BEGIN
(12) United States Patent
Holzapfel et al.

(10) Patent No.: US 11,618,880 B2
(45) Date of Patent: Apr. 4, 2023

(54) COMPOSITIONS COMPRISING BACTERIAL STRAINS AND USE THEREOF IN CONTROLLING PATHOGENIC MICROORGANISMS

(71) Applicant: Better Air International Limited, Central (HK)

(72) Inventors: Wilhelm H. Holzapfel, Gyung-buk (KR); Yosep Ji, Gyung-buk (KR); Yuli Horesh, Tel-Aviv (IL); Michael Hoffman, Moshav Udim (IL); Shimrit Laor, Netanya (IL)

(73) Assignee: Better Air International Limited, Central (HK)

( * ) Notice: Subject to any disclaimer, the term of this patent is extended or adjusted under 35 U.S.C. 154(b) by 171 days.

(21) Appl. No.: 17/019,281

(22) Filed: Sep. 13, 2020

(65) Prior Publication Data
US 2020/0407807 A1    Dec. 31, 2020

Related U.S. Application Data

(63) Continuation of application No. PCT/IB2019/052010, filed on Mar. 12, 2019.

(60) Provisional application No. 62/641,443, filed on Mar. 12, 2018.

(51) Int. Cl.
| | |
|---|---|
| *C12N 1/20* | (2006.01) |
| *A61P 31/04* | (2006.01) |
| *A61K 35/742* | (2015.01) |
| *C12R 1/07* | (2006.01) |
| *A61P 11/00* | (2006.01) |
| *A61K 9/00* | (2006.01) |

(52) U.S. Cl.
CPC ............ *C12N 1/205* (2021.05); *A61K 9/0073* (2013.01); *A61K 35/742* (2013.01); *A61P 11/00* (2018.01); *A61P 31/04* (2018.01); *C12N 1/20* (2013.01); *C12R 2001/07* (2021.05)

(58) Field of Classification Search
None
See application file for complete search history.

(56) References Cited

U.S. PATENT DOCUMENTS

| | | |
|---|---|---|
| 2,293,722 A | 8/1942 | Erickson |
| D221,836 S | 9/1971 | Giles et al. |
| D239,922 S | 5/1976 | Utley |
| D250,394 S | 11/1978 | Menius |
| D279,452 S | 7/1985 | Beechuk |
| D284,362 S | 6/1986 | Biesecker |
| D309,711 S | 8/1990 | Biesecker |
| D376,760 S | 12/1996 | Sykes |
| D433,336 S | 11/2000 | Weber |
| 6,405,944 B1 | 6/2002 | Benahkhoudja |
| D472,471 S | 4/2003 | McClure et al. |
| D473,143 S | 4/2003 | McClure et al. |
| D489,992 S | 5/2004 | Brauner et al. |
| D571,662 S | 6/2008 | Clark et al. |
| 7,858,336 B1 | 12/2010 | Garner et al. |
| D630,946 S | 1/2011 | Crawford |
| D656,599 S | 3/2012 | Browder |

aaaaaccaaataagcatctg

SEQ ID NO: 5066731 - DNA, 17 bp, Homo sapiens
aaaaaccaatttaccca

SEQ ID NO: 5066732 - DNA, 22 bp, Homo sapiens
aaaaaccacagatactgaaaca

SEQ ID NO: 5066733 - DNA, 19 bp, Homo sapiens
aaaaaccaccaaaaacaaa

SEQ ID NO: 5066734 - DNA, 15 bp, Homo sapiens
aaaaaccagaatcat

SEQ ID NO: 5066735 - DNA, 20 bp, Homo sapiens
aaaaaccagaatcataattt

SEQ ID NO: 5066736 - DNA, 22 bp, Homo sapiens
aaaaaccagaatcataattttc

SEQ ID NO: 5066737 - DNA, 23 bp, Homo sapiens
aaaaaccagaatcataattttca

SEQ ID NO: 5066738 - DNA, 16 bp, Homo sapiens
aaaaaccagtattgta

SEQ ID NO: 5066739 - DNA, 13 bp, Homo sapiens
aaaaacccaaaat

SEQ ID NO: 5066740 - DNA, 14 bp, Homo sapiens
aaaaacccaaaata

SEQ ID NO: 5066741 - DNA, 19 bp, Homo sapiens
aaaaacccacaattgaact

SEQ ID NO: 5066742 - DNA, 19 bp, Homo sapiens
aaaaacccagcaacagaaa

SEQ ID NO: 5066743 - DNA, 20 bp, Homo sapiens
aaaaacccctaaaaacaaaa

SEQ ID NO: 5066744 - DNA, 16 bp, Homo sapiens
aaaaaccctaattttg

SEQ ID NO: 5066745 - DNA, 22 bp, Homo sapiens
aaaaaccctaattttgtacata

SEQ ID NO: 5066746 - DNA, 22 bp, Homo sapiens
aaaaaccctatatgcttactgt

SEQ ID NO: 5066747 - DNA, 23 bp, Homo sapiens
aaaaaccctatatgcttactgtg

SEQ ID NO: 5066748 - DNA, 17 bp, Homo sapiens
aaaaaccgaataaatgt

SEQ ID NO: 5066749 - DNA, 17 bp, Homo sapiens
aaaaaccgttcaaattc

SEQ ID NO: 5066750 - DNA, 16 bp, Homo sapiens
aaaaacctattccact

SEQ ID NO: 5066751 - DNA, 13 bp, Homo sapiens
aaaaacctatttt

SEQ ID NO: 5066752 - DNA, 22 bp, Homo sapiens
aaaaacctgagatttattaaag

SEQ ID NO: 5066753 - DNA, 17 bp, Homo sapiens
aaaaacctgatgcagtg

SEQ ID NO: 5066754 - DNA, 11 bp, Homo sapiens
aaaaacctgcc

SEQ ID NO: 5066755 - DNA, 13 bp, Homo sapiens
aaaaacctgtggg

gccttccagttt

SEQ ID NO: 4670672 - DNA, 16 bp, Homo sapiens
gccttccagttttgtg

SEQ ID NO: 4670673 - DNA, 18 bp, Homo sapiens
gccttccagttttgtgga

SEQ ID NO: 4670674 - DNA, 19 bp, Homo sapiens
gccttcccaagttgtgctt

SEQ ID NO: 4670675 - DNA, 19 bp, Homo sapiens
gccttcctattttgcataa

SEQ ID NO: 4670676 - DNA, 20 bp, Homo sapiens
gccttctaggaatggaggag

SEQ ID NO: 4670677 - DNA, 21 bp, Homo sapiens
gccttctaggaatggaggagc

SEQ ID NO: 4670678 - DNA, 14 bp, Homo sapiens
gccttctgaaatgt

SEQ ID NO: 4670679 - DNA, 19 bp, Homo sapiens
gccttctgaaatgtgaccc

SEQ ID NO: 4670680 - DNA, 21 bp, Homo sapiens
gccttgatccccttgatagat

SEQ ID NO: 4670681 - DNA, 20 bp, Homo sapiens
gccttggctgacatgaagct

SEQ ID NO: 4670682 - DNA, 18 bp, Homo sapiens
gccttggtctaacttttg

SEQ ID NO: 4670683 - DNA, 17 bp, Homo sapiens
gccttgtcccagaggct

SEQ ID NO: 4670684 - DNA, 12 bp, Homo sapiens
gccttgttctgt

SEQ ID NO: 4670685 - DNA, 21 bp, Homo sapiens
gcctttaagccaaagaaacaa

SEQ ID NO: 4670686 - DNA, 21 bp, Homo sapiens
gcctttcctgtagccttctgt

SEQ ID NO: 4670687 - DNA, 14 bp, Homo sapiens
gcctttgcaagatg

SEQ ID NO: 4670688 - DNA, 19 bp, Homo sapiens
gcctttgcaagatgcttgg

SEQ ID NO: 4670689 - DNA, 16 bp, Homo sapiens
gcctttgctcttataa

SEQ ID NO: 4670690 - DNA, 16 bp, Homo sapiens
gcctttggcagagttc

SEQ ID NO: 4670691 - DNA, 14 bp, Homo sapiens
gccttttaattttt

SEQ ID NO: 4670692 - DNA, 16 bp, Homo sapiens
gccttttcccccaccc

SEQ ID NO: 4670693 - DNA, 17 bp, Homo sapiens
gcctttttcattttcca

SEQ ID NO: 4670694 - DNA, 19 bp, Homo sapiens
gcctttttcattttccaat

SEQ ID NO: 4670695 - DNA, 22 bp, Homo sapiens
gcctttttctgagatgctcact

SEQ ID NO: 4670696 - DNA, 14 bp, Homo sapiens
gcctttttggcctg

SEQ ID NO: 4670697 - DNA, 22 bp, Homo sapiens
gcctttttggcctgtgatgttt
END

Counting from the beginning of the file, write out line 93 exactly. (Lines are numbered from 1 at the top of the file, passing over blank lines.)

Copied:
SEQ ID NO: 5066751 - DNA, 13 bp, Homo sapiens